I can tell you the exact moment I knew I would never be a professional actor.
It was the fall of ’84. A Toronto call-back audition for a national touring production about the Riel Rebellion, a 2-hander featuring the characters of Sir John A. MacDonald and Gabriel Dumont. I was reading for MacDonald. The producer had lived above my brother and sister-in-law’s in Vancouver, so I thought I was a shoo-in.
When I did it, it wasn’t what they wanted. They explained carefully, wanting to help me. I knew what they wanted. I tried again. I couldn’t get it. Even on the third time. They sat there looking at me with thinly-disguised disappointment, friends on the other side of a narrow chasm, urging, “Come on. You just have to jump this far.”
A while later, an acting school friend who knew the company asked me, “What happened? You were considered.” I replied, “I don’t know.” I knew. I had reached the ceiling of my talent. I had been fueled by well-wishers in my hometown saying that I was the next star. I wasn’t.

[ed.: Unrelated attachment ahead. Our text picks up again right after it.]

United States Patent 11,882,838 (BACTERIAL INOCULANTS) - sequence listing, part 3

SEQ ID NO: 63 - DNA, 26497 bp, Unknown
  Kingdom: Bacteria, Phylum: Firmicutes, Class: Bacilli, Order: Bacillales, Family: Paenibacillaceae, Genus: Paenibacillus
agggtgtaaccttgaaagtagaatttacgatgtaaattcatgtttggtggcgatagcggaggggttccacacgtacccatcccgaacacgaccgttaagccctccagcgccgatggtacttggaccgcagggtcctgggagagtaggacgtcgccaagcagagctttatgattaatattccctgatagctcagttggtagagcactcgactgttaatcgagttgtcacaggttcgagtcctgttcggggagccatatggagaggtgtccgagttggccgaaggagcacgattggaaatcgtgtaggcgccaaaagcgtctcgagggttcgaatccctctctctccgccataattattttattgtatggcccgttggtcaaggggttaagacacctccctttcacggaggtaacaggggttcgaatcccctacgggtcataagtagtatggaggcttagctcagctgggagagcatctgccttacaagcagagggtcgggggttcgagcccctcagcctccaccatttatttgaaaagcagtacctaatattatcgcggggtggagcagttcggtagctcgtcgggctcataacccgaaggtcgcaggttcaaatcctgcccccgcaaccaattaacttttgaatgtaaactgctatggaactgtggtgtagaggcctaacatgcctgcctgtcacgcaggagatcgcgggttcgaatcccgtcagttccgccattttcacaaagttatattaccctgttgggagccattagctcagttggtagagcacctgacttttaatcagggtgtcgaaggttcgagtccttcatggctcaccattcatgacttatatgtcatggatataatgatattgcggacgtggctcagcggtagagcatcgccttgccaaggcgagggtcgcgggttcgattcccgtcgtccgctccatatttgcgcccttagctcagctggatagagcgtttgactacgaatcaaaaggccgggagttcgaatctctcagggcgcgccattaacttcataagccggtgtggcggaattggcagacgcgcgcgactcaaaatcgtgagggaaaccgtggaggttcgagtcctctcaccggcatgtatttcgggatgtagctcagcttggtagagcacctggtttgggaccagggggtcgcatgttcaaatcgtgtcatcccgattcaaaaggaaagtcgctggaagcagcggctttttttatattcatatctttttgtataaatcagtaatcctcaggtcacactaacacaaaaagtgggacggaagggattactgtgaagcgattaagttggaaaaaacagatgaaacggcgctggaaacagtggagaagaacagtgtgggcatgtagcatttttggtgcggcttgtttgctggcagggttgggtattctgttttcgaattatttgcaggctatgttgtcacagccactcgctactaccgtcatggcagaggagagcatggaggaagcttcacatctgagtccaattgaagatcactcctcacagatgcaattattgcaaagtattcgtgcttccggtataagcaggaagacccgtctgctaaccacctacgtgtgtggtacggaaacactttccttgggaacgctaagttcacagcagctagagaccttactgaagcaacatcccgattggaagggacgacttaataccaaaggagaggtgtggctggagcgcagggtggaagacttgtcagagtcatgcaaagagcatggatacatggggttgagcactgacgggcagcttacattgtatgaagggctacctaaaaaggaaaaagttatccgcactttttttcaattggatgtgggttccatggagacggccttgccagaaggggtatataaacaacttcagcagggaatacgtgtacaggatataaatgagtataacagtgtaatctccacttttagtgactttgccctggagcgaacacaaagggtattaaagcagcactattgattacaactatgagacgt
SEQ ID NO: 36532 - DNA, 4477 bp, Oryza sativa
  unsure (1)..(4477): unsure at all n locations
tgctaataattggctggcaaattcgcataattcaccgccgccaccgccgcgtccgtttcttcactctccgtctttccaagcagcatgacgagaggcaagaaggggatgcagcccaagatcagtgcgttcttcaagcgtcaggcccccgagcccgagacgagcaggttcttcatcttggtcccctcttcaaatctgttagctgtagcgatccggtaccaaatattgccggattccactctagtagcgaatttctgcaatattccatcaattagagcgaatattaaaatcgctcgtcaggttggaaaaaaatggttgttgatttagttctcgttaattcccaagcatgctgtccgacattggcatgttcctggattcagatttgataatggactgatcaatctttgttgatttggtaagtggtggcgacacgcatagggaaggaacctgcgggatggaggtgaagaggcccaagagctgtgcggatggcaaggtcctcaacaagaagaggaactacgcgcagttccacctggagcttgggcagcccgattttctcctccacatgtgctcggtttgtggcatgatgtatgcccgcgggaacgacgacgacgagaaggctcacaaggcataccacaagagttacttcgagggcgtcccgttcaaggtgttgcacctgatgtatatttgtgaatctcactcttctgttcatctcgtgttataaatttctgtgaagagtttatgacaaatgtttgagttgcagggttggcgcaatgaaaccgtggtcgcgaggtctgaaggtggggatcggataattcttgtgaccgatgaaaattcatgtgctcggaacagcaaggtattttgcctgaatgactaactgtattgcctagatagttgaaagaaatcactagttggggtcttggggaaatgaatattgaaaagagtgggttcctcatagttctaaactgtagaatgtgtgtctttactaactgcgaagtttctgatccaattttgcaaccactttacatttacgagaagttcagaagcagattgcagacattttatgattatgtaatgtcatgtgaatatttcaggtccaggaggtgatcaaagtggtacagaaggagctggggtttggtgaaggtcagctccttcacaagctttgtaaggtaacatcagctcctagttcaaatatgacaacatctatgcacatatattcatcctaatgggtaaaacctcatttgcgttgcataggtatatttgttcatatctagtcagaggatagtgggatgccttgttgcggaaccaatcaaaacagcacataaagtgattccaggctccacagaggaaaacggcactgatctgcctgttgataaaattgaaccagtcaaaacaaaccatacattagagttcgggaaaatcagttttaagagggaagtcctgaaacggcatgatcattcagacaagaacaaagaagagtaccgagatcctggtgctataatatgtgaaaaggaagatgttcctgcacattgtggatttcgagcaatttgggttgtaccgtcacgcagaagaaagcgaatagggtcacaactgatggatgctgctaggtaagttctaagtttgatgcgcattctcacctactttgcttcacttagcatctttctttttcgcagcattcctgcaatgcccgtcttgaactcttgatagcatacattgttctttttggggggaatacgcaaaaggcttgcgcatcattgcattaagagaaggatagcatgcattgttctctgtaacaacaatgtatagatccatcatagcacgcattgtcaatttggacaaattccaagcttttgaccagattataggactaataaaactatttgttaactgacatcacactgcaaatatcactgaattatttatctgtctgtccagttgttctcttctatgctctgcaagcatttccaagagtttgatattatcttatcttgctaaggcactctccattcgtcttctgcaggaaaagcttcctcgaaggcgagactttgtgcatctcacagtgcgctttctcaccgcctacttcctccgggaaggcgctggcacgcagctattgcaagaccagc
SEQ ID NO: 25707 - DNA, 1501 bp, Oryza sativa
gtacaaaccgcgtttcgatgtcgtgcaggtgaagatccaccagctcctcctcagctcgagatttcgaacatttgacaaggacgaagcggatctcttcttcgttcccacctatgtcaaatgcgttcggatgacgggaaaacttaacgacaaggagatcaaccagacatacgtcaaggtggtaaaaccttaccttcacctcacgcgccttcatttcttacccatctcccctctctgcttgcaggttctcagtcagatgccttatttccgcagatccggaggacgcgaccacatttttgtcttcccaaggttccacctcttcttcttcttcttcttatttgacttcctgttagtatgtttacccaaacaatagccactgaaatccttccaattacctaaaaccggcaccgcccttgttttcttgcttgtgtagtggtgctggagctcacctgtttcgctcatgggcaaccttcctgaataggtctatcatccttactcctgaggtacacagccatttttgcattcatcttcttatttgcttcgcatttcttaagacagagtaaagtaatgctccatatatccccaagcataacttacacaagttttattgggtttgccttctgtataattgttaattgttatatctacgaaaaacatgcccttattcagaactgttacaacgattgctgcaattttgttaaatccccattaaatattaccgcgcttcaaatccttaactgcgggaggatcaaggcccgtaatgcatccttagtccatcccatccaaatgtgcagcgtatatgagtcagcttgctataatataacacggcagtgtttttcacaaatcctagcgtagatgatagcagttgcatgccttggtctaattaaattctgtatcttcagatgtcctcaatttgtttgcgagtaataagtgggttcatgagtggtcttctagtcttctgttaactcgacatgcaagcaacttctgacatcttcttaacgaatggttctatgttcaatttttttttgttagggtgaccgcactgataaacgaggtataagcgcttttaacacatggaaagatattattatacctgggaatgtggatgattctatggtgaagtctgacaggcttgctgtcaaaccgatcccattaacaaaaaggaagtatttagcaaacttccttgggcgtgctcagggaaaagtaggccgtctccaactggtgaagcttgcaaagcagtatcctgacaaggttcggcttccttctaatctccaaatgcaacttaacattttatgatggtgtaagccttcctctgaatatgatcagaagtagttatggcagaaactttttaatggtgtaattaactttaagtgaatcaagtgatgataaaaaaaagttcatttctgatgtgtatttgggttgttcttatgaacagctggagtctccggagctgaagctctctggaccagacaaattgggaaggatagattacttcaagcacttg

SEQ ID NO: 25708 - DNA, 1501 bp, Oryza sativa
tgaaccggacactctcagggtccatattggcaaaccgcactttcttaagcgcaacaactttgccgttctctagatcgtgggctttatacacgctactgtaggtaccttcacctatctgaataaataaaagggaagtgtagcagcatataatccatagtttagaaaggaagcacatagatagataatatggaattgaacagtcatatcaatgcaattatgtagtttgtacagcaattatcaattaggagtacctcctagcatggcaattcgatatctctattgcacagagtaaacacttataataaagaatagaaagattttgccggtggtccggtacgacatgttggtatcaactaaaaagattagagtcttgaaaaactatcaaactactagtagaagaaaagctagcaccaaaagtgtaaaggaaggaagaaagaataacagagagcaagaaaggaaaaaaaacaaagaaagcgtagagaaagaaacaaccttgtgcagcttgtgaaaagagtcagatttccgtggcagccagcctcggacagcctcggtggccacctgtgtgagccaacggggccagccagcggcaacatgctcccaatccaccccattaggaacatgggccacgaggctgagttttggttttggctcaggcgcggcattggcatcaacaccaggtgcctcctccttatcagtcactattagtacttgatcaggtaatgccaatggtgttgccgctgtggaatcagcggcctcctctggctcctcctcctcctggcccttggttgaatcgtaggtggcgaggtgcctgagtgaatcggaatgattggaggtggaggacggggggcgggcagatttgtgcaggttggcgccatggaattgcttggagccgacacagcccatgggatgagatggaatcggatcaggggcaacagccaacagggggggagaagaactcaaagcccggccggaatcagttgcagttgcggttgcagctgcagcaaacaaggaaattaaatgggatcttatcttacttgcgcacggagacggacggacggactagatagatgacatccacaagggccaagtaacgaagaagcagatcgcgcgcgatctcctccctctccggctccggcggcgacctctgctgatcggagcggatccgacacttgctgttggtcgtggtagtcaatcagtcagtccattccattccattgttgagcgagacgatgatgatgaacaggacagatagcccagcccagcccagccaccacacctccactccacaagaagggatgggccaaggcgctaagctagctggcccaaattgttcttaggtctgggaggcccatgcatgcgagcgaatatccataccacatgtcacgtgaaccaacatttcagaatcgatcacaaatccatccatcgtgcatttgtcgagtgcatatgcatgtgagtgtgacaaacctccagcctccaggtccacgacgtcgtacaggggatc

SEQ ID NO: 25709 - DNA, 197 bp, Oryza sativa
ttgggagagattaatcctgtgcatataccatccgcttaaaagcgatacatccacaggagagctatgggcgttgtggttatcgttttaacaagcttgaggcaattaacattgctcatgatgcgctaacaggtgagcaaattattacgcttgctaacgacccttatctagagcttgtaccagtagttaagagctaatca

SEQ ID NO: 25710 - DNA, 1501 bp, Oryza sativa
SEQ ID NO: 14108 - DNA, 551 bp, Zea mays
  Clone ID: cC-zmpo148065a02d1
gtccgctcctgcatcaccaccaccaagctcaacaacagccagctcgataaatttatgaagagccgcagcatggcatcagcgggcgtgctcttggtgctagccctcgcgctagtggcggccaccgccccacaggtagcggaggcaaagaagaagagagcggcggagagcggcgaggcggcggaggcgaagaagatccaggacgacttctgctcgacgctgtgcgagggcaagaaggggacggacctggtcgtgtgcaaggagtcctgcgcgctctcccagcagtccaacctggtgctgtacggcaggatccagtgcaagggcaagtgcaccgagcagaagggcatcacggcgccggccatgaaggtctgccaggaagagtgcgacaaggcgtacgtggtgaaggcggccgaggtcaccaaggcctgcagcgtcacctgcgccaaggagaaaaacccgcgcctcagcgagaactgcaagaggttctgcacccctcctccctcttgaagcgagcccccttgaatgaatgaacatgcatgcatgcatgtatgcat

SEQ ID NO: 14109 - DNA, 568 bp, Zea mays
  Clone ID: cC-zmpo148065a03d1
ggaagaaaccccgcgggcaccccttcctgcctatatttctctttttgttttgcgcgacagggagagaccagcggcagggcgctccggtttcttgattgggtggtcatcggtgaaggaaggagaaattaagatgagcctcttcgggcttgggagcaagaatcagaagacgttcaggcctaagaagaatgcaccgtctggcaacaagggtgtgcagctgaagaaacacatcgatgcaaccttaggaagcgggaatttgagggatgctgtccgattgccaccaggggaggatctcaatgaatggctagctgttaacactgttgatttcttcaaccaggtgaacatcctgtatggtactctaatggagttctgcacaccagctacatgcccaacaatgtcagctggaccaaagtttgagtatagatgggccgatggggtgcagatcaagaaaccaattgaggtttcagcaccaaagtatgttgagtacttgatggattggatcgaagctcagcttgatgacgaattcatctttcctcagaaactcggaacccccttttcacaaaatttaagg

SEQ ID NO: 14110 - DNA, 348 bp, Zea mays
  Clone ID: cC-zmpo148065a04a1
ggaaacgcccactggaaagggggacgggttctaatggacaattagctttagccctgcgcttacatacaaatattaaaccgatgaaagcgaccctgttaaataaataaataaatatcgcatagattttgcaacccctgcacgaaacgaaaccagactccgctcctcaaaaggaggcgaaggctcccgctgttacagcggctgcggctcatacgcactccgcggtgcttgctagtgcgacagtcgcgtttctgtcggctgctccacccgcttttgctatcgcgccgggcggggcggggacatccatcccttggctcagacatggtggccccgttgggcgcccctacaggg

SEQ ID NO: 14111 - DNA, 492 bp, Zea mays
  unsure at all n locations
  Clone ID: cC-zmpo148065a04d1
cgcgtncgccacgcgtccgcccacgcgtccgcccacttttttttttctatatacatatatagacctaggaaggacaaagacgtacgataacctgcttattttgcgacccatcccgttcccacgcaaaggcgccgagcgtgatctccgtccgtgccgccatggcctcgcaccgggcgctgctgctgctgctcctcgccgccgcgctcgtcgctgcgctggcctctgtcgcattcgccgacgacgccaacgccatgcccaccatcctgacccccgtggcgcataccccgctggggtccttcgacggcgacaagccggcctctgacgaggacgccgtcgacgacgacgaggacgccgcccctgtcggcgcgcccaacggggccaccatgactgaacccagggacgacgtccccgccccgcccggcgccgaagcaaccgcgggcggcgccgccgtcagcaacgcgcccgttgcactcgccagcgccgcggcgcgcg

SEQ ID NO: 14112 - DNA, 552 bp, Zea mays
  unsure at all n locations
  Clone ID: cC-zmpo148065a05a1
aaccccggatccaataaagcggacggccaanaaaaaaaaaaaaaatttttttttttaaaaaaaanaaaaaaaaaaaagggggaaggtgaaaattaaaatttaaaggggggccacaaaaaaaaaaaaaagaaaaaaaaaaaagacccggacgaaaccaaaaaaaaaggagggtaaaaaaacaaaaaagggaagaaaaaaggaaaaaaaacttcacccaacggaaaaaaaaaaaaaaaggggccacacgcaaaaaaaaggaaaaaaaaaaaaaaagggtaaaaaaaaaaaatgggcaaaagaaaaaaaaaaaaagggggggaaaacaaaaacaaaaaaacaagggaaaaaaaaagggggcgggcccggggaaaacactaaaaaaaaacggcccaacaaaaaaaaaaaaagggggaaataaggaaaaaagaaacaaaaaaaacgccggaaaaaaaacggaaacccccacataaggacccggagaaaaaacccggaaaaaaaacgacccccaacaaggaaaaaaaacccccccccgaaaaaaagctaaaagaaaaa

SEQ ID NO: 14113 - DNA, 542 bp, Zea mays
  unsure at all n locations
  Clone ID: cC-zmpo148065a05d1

I kept the charade up for another 4 years — auditions, classes.
I accumulated a drawer full of rejection letters. (We were taught at Humber to hold onto them as guides.) My favourites were from this summer stock company that kept changing artistic directors. Every year, the intro and concluding paragraphs would change, too, but the body paragraphs remained exactly the same.
Yet, if I had gotten that role, I would have had to drop out of Hair and _____ and I would never have become a couple. That would have been a tragedy. As turbulent as that relationship was, we still had some good times. The irony is, despite her complaint of being a “theatre widow”, she was the one who went on to professional status and fame, not I.
There are those at cattle call auditions I identified as the Wallpaper People. They are the mediocre actors you see at every audition, year after year. They watch the same actors get the roles. They watch the young ones straight out of theatre schools get the roles. After 5 years, I realized I had become one of the Wallpaper People, and it was time to leave.
There is a furnace in every profession. A place where you must go to find what you are made of. Mine was Toronto. Actors come by the thousands from all over Canada to that city to have their dreams made or broken. I have many regrets in my life. The regret of not having tried is not one of them.
I tried. I tried my damnedest.
Margaret Avison’s poem The Swimmer’s Moment warns that those who don’t try are doomed by their fear to circulate about the rim of the whirlpool, while the daring venture within and beyond.
Which are you?
There is no “ready”. There is no perfect résumé. You just do it.